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UPDATE: Winter storm watch issued for Thursday threat of widespread ice storm

UPDATE: Winter storm watch issued for Thursday threat of widespread ice storm

Thursday ice forecast 021621

Red alert for ice on Thursday: The National Weather Service's most recent map for projected ice late Tuesday shows widespread .25 to .50 ice accretions, which would be a widely damaging event if it comes to fruition. 

UPDATE 6PM, 2/16/2021: The National Weather Service posted a new map late this afternoon that may be the most threatening for widespread ice it has posted in recent times -- widespread 1/4 to 1/2 inch inch regionwide, with some locations over that. If that transpires, it will be a widespread damaging ice storm. More sleet and snow can reduce the amount of ice, but it does appear significant ice is likely on Thursday. Be prepared for slick roads and possible power outages. END UPDATE


After days of chilly gloom, the sun is burning through low clouds on this Tuesday morning and will likely brighten our lives for a while. But another round of wintry mayhem looms, and this one may be the region's most widespread, impactful storm of a busy 2020-21 winter season.

The National Weather Service in Blacksburg has already posted a winter storm watch for the entire region generally east of Interstate 77 for Thursday, including all of the Roanoke and New River valleys, an atypically early step reflecting the expectation of widespread and long-lasting wintry precipitation that could have major impact on both travel and power grids, including areas that still have not been fully restored from Saturday's ice storm mostly south and southeast of Roanoke.

A piece of the Arctic air that has put the central U.S. in a historic deep freeze will slip around the Appalachians, pressed south and west by high pressure over eastern Canada. This cold air will be moving in as moisture begins streaming in from the southwest ahead of a low-pressure system of similar intensity and track to the last one that produced a major snowstorm from Texas to the Great Lakes and gave us a barely-above-freezing soaking on Monday.

As moisture arrives late Wednesday night and Thursday, a mixture of freezing rain, sleet and snow will develop. Early on, the precipitation will likely swing more toward snow and sleet, when the cold air is deepest. As warmth and moisture continue to stream over the cold dome, eroding it above the ground, the precipitation will mix with freezing rain, eventually becoming entirely freezing rain, and then later plain cold rain in some spots that can manage to get above freezing by Thursday afternoon. Some spots may not make it above freezing even into Thursday night.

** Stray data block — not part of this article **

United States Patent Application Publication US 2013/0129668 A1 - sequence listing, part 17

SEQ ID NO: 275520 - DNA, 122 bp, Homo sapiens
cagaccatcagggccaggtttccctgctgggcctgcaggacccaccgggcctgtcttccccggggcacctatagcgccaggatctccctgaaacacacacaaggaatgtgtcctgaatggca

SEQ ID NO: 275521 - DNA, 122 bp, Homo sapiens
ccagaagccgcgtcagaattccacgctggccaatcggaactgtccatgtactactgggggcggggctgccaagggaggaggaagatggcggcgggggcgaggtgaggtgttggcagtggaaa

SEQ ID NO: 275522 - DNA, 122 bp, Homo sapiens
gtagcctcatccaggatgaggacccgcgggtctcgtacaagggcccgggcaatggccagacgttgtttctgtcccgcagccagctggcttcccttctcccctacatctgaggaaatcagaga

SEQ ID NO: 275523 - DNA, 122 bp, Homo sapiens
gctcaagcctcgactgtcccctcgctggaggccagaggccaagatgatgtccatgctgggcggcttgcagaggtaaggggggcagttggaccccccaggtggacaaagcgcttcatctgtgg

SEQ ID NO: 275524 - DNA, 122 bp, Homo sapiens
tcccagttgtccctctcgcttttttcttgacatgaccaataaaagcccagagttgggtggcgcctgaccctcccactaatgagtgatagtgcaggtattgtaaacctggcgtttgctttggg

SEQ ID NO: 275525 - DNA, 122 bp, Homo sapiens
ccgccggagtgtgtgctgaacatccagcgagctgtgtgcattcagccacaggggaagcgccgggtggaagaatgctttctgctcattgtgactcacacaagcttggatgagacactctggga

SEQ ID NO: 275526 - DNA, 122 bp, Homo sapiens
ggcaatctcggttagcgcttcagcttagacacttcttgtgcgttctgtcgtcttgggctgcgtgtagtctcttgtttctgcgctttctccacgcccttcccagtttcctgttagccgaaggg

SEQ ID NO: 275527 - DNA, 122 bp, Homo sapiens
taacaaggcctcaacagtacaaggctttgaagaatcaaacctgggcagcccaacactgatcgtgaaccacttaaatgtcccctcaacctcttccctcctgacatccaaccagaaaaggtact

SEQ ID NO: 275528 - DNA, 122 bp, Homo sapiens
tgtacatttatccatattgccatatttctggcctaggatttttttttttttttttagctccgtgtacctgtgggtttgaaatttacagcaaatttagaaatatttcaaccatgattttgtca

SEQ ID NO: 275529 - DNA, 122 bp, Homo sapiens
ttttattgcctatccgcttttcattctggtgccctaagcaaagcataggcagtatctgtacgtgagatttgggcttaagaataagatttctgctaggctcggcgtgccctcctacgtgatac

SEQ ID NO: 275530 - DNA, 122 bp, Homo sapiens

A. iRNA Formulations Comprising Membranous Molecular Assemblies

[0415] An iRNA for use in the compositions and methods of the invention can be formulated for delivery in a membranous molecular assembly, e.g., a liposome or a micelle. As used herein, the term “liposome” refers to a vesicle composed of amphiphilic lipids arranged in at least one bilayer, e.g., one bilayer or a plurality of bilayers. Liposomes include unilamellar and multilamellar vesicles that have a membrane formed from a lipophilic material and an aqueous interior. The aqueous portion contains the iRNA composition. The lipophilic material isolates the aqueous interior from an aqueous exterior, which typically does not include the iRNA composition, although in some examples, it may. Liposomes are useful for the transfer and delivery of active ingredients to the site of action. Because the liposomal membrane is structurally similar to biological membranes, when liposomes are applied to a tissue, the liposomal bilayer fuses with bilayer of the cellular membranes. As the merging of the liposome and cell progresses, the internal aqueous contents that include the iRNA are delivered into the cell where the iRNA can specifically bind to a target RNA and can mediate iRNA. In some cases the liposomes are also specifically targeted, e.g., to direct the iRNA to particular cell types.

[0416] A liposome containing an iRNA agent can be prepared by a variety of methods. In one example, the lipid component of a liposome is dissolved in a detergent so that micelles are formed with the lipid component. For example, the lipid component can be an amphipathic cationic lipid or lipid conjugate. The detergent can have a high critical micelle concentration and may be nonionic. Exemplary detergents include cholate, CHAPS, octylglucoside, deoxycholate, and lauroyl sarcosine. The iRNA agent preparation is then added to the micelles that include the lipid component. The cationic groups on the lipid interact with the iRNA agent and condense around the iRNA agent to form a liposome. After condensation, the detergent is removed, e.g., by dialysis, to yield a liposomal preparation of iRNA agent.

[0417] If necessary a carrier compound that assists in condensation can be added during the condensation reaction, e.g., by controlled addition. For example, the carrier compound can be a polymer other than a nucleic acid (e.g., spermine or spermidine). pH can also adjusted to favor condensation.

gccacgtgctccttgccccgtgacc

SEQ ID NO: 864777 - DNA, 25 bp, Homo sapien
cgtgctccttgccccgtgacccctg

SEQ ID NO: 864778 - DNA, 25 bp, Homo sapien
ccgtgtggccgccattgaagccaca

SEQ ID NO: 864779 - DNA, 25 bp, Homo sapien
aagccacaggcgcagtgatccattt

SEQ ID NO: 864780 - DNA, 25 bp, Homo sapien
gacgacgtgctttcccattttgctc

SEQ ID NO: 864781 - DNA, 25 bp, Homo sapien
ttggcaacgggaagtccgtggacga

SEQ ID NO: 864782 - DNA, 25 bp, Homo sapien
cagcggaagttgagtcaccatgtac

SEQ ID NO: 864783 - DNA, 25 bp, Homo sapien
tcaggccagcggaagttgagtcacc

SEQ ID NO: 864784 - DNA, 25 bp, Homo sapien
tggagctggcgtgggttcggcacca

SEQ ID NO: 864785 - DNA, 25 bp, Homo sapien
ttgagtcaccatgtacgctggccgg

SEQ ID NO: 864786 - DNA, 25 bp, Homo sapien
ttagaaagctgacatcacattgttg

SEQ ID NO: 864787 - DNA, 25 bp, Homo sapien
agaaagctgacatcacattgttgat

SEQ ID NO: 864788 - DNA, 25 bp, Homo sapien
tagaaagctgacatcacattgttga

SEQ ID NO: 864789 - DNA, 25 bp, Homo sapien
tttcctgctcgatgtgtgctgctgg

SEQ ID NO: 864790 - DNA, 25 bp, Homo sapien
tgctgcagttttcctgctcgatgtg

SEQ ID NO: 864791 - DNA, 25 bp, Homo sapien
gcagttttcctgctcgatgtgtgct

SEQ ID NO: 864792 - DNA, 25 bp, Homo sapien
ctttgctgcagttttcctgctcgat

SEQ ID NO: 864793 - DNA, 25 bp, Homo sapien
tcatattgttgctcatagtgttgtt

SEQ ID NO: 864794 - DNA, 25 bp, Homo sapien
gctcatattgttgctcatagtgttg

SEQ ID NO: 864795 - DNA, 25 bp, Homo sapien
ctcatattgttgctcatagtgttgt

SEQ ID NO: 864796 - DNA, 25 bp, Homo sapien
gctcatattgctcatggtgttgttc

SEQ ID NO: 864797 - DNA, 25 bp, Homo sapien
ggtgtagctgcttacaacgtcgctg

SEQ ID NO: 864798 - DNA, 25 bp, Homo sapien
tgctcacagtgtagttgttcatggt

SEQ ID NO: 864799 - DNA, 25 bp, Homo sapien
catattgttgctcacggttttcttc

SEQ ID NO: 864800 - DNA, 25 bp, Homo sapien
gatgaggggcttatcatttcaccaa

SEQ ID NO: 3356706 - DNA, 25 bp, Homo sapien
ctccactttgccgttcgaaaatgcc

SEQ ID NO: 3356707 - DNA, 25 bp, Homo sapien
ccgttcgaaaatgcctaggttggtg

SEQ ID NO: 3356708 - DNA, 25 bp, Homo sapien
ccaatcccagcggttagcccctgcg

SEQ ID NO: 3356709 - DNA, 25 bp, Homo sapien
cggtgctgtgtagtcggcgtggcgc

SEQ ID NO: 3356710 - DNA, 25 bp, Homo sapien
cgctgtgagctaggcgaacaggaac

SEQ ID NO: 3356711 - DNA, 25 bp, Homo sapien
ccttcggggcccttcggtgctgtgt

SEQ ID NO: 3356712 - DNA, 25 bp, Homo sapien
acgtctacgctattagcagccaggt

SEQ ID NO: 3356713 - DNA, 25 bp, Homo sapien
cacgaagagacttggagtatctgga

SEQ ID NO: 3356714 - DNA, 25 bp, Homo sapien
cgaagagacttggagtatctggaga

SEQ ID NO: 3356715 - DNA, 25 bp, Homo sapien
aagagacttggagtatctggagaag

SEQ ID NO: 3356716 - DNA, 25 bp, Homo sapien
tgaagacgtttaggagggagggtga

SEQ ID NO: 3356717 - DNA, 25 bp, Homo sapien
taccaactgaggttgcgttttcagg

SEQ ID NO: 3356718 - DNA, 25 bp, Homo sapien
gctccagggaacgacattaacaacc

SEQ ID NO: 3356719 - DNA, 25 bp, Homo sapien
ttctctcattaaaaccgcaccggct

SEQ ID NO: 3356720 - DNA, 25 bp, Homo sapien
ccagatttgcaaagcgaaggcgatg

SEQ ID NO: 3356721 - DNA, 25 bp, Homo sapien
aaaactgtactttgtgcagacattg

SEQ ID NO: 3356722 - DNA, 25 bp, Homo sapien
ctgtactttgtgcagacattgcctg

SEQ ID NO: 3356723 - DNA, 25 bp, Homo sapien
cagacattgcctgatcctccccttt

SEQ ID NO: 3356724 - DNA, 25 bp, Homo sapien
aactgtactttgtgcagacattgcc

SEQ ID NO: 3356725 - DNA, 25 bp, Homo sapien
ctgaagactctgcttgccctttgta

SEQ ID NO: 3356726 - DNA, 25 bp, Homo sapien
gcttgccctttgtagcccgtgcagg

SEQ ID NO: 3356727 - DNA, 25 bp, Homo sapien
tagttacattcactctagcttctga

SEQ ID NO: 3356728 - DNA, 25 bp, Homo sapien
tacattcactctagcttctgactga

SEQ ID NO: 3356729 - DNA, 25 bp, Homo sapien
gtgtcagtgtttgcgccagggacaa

The high-end potential for this storm is staggering, with many hours of freezing rain possible after 1-4 inches of snow/sleet mix. The National Weather Service posted an ice map this morning with widespread ice accretions of 1/3 of an inch -- and these maps are usually a little conservative and more smoothed out than what is likely, nearly 2 days in advance. The lower end potential would still be a significant ice storm with a few thousand power outages, or possibly a storm more dominated by snow and sleet with widespread travel difficulties.

The lowest elevations of the Roanoke Valley squeaked by with minor effects in the last ice storm, warming to 33 by mid-morning, but probably will not do so again, with temperatures likely starting in the upper 20s. Even if temperatures do get above 32 there ahead of almost everywhere else, it would likely only occur after early sleet/snow mix accumulation and a few hours of freezing rain -- maybe enough to stymie the urban heating process and allow the geographically driven cold pooling in valley areas to be more dominant. Always a difficult call for the sub-1200 foot elevations of the urban floor of the valley, but regardless, this winter storm will likely have at least significant impact in the city and potentially major impact all around.

Today and Wednesday will be relatively dry days in the region -- still cold with 30s-40s highs and teens-lower 20s lows for Wednesday morning. Be prepared for potential power outages and icy roads by Thursday.

Contact Kevin Myatt at Follow him on Twitter @kevinmyattwx.


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Since 2003, Kevin Myatt has penned the weekly Weather Journal column, and since 2006, the Weather Journal blog, which becomes particularly busy with snow. Kevin has edited a book on hurricanes and has helped lead Virginia Tech students on storm chases.

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